B Vitamins Might Lower Stroke Risk
But jury is still out on their value, experts note
People with heart disease who take high doses of B vitamins are somewhat less likely to suffer from stroke, especially if they're under 70, a new Canadian study suggests.
But other studies have come to opposite conclusions about whether vitamins really protect against cerebrovascular disease, noted Dr. Larry B. Goldstein, director of the Duke Stroke Center at Duke University, in Durham, N.C.
"We will need to carefully review this study in light of these other reports," said Goldstein. "There remains no evidence that general vitamin supplementation lowers risk of stroke or other cardiovascular events, and considerable evidence that it is ineffectual."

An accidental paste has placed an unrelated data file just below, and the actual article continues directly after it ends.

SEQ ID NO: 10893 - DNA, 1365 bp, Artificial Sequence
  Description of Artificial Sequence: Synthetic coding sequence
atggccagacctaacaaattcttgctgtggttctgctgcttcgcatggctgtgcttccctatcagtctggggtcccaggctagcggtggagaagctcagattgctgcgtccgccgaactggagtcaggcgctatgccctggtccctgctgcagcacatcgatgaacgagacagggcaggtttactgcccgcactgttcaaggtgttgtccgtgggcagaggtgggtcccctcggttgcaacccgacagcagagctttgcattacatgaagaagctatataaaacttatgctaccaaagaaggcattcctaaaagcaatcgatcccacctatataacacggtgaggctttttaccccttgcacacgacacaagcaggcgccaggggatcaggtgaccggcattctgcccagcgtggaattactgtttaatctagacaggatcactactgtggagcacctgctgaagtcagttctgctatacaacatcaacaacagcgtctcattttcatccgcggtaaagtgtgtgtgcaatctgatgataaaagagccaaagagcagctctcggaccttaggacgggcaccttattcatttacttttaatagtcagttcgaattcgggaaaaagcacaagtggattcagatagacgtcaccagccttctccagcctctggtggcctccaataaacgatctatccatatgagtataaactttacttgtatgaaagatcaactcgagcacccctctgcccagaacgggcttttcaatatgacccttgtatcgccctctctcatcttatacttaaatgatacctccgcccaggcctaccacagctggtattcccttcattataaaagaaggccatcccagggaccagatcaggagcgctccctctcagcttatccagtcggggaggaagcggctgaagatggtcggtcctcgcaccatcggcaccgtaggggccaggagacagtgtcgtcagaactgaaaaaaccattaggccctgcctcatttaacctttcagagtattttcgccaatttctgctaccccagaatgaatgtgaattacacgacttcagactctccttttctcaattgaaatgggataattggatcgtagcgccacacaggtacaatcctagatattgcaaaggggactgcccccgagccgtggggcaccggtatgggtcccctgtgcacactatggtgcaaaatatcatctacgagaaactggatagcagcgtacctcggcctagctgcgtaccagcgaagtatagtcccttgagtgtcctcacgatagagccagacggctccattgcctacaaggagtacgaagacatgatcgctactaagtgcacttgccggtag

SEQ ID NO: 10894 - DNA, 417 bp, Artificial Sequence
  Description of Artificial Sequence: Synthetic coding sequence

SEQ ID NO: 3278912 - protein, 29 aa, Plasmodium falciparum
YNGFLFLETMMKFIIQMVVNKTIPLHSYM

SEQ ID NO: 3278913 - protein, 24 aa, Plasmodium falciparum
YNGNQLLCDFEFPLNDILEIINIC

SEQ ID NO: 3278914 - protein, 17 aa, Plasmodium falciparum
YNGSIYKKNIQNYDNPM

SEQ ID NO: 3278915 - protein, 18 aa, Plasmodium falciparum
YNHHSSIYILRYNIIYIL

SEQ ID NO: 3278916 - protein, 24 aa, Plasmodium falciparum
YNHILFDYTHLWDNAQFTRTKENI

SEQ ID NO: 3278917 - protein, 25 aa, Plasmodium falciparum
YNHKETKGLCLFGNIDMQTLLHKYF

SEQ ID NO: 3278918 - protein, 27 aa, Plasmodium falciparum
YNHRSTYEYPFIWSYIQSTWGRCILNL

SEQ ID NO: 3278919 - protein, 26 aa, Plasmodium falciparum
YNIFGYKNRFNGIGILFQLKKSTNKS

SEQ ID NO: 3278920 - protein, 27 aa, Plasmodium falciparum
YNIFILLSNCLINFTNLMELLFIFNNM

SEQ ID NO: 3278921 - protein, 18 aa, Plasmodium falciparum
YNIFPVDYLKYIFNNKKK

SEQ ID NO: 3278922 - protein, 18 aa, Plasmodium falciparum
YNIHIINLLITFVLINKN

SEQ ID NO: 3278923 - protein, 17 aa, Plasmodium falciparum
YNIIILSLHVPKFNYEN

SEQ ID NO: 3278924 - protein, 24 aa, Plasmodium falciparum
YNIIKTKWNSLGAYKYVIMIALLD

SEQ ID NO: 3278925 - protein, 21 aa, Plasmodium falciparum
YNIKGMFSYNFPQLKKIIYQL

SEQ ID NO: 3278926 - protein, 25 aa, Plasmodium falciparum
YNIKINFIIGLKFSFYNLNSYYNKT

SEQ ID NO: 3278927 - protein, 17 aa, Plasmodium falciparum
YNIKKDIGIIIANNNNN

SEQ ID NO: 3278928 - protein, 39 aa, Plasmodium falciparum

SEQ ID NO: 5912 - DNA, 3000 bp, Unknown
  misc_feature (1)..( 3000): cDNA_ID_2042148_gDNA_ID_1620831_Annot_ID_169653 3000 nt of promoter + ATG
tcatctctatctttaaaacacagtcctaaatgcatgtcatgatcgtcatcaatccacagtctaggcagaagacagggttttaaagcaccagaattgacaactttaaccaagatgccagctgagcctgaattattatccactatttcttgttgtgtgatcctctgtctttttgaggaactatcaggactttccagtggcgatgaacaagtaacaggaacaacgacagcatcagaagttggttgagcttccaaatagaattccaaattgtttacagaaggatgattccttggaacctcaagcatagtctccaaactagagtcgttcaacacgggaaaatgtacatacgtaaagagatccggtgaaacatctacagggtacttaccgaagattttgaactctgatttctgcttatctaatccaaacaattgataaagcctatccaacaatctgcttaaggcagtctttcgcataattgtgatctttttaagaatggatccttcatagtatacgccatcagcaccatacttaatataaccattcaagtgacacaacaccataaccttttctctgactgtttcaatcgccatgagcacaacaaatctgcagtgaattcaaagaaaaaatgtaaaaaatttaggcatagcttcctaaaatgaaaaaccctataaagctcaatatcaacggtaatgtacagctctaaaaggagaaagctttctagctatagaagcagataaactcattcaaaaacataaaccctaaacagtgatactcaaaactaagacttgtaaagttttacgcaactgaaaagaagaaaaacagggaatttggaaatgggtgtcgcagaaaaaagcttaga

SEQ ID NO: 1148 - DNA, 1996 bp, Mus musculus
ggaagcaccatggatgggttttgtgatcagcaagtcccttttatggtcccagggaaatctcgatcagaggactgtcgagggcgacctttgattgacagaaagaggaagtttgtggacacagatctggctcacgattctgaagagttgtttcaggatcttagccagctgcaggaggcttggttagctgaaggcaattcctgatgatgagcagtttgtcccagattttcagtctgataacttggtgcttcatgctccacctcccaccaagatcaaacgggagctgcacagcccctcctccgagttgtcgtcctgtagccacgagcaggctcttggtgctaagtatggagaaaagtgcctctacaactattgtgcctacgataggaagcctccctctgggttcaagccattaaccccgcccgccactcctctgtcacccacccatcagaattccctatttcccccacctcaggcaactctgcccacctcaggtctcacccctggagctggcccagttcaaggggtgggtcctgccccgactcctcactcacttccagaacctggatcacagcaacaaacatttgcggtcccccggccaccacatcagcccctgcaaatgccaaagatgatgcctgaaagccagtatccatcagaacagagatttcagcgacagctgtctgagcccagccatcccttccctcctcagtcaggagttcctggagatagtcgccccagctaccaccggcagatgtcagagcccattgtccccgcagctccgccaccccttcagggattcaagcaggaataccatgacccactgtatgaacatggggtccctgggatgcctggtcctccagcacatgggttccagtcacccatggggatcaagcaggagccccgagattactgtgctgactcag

The Canadian researchers sought to determine whether high doses of three B vitamins could dampen the risk of stroke by lowering levels of an amino acid known as homocysteine.
Some research has linked high levels of the amino acid in the blood to a higher risk of stroke, although there's a debate over what this means.
National Stroke Association’s mission is to reduce the incidence and impact of stroke by developing compelling education and programs focused on prevention, treatment, rehabilitation and support for all impacted by stroke.